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Relationship Between Substance Abuse and Panic Attacks

Many people can be diagnosed with a panic disorder after they start abusing substances, as it is a common side effect.

What Is Panic Disorder?

Panic disorder, or panic attack disorder, is an unexpected, strong, and overwhelming feeling of anxiety, fright, or terror in the absence of a "visible" or "actual" cause. This means that many panic attacks generally occur in the absence of any actual danger.[1]

Panic attack symptoms typically start rapidly, reach their peak in ten minutes, and then gradually taper off in severity and intensity. It is, however, possible for multiple panic attacks to occur right after the other, leading to longer durations or "panic spells" such that it even becomes challenging to tell when one panic attack episode has ended and when another has begun.

Panic Disorder

How Common is Panic Disorder?

Contrary to what a lot of people seem to believe, panic attacks are very common, and they affect individuals all over the world. According to a particular study, more than 10% of all adults globally experience panic attacks on a yearly basis. This is a statistic that, if converted to numbers, would amount to include millions of individuals, further indicating just how much of a global issue that panic attacks can be.[2]

The Relationship Between Substance Abuse and Panic Attacks

Currently, the relationship between substance abuse and panic attacks remains somewhat unclear. However, what has been established is that substance abuse in people suffering from panic attack disorder usually worsens the severity of the panic attack. You should know that the relationship between substance abuse and panic attacks isn't one-way though, as panic attacks have also been known to result in substance abuse problems.

The results from a particular study showed that up to 10% of people suffering from panic attacks and substance abuse reported that their drug use began as a way of coping with the symptoms of panic disorder. However, most people with this condition reported that their substance abuse problem had begun before the manifestation of panic attacks.[3]

Panic Attacks vs. Panic Disorder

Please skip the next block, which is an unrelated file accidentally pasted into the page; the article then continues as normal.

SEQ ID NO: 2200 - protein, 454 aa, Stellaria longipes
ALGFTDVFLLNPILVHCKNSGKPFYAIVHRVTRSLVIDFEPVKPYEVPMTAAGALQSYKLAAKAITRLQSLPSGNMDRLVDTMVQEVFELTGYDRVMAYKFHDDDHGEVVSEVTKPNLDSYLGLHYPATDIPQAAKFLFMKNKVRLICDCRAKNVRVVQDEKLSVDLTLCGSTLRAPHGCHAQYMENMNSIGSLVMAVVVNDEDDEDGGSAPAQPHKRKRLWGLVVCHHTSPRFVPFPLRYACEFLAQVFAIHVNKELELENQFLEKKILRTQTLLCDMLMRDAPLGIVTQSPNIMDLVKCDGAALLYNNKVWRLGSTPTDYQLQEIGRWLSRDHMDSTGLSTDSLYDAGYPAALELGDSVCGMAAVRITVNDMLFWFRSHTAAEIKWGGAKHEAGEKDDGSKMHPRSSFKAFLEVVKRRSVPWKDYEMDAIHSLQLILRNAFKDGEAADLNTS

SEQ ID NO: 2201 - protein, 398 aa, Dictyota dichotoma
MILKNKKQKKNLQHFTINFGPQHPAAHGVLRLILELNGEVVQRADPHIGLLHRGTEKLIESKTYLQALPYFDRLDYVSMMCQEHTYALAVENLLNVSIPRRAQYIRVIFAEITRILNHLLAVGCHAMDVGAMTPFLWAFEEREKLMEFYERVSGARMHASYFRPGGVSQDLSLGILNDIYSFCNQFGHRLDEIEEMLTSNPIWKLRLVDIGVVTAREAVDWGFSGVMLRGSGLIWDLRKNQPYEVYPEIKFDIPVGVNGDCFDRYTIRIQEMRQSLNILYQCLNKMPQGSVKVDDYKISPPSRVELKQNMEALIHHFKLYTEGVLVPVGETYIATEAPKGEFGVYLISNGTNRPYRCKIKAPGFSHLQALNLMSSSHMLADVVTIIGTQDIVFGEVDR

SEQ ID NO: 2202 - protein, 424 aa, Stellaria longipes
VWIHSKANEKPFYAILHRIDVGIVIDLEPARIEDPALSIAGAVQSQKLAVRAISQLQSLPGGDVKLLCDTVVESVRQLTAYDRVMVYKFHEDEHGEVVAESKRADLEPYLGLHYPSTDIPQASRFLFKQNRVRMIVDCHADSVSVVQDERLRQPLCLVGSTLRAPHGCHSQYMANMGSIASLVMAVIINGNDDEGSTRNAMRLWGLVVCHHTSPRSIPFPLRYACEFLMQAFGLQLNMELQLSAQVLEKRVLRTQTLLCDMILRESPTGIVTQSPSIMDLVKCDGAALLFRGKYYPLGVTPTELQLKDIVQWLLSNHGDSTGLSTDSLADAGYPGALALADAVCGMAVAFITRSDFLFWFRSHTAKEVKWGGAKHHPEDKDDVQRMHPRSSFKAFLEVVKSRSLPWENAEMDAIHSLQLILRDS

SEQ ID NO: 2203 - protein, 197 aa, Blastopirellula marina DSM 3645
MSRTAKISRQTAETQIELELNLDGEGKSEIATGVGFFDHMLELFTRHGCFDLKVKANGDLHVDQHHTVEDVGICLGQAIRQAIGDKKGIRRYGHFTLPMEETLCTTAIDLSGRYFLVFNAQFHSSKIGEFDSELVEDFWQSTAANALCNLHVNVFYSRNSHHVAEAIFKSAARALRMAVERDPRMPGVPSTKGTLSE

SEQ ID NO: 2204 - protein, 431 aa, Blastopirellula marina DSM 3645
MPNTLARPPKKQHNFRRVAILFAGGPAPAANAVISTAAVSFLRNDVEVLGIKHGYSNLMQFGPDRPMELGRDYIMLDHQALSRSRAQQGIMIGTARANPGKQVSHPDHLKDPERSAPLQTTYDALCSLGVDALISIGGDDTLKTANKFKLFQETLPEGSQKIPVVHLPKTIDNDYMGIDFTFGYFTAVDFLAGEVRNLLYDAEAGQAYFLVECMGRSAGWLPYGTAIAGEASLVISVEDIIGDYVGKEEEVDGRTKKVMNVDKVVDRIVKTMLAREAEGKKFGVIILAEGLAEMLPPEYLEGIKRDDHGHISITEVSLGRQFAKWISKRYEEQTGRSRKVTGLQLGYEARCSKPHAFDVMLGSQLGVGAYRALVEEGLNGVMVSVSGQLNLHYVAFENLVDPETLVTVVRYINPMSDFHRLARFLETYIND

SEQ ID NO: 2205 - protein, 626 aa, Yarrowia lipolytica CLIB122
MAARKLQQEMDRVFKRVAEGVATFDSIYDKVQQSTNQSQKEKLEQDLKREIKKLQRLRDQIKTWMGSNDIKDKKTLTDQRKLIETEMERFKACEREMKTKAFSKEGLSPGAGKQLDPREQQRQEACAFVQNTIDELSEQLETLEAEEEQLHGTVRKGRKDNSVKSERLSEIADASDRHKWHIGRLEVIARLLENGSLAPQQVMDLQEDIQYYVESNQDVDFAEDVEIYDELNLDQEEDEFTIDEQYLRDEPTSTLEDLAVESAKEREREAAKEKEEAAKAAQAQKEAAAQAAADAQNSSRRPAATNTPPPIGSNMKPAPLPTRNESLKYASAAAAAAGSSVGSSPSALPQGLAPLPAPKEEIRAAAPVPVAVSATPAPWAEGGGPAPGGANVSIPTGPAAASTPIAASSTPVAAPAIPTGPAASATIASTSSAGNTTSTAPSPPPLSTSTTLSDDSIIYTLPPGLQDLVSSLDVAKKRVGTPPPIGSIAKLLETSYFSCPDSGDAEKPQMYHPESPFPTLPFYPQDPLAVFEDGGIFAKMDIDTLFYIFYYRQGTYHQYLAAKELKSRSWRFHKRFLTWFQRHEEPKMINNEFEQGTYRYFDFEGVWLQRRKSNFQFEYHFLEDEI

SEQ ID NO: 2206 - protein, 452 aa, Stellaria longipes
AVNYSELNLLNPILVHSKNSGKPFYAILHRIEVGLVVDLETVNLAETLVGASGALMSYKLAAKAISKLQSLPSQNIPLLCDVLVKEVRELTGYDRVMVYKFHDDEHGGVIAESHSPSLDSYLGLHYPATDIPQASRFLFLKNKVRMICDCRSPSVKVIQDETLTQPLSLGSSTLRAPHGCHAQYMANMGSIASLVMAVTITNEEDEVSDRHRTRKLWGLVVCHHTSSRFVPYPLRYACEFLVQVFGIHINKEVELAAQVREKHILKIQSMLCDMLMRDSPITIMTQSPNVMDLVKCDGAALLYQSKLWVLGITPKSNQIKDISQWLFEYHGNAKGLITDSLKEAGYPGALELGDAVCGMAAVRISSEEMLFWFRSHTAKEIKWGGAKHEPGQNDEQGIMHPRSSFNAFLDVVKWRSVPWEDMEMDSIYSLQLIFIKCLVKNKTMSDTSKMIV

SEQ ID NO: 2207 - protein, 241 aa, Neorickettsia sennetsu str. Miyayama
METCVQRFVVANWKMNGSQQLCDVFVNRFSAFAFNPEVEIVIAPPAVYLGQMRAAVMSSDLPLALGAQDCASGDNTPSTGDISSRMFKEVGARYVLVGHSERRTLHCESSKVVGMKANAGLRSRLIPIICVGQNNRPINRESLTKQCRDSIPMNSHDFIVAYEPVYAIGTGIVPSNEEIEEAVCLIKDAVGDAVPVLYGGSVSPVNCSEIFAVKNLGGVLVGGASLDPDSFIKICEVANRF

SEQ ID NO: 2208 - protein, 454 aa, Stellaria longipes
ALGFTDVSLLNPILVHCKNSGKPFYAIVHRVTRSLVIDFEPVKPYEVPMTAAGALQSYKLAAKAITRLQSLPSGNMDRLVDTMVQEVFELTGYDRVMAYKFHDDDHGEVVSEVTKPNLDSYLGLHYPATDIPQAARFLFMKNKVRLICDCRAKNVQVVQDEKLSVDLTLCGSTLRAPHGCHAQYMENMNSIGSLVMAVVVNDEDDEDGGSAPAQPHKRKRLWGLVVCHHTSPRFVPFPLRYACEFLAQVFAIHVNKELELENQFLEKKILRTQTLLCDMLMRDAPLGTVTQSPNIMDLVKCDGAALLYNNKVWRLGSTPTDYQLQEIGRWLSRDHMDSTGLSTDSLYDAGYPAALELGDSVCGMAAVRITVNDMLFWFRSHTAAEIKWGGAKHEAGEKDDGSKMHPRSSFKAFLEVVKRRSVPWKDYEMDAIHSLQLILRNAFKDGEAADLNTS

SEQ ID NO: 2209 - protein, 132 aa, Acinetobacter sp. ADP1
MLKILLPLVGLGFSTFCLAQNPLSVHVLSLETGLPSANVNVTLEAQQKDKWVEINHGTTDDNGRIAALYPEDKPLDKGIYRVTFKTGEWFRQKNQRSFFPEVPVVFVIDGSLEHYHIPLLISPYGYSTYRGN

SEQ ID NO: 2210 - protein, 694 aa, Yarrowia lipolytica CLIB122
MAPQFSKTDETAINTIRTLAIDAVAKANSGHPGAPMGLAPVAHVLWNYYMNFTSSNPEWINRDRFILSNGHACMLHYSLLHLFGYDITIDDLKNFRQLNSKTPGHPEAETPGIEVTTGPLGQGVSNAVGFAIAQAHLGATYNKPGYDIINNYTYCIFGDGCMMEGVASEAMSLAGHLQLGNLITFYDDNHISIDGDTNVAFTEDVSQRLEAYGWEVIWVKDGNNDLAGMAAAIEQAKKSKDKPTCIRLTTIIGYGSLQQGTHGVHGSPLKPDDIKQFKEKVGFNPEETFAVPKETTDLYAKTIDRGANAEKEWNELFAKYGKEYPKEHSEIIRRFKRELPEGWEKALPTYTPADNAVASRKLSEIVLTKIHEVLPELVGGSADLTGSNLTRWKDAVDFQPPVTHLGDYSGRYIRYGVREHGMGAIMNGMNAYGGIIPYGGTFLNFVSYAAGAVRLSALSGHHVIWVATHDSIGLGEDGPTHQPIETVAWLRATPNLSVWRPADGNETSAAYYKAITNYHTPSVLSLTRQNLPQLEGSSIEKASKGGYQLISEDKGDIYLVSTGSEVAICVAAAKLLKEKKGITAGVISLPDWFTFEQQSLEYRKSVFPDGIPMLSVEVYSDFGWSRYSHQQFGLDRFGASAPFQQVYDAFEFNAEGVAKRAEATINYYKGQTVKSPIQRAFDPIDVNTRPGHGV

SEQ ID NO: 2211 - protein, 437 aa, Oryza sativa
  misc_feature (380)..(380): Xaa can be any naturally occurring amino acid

Panic attacks refer to an isolated occurrence or manifestation of the symptoms of a panic disorder, which includes intense emotional feelings accompanied by physical symptoms. When these attacks frequently occur over a period, the condition is only then classified as a panic disorder.

Panic Disorder vs. Anxiety

People usually use the terms "panic attack" and "anxiety attack" interchangeably, assuming that they mean the same thing, which is not true. For those with anxiety, they may experience symptoms often and intensely, but that does not always mean they have a panic disorder.

A panic attack disorder is typically characterized by intense feelings, accompanied by several physical symptoms that take a while to come down from, something that's absent in an anxiety attack.

What Causes Panic Disorder?

Several factors or criteria (panic disorder criteria) could be responsible for the manifestation and occurrence of panic attacks and panic disorders. These include the following:

  • Family history
  • Mental health issues
  • Substance abuse problems
  • Other risk factors for panic disorder, such as job nature and exposure to anxiety-causing situations

Signs and Symptoms of Panic Disorder

Just like most other medical health conditions, early detection of panic disorder contributes significantly to the efficacy of panic disorder therapy. This is why it's important you know what panic disorder symptoms are.

Common Signs of Panic Disorder

Common panic disorder symptoms include the following:[4]

  • Nausea
  • Rapid heartbeat
  • Shortness of breath
  • Breathing and swallowing
  • Difficulties
  • Chest and stomach pain
  • Numbness and tingling sensations
  • Dizziness
  • Sweating
  • Elevated fear and anxiety levels

When to Seek Professional Help?

Suppose you're repeatedly experiencing some or all of the above-listed panic attack symptoms. In that case, you might have panic disorder, so it's recommended that you reach out to your healthcare provider and seek professional help as soon as possible.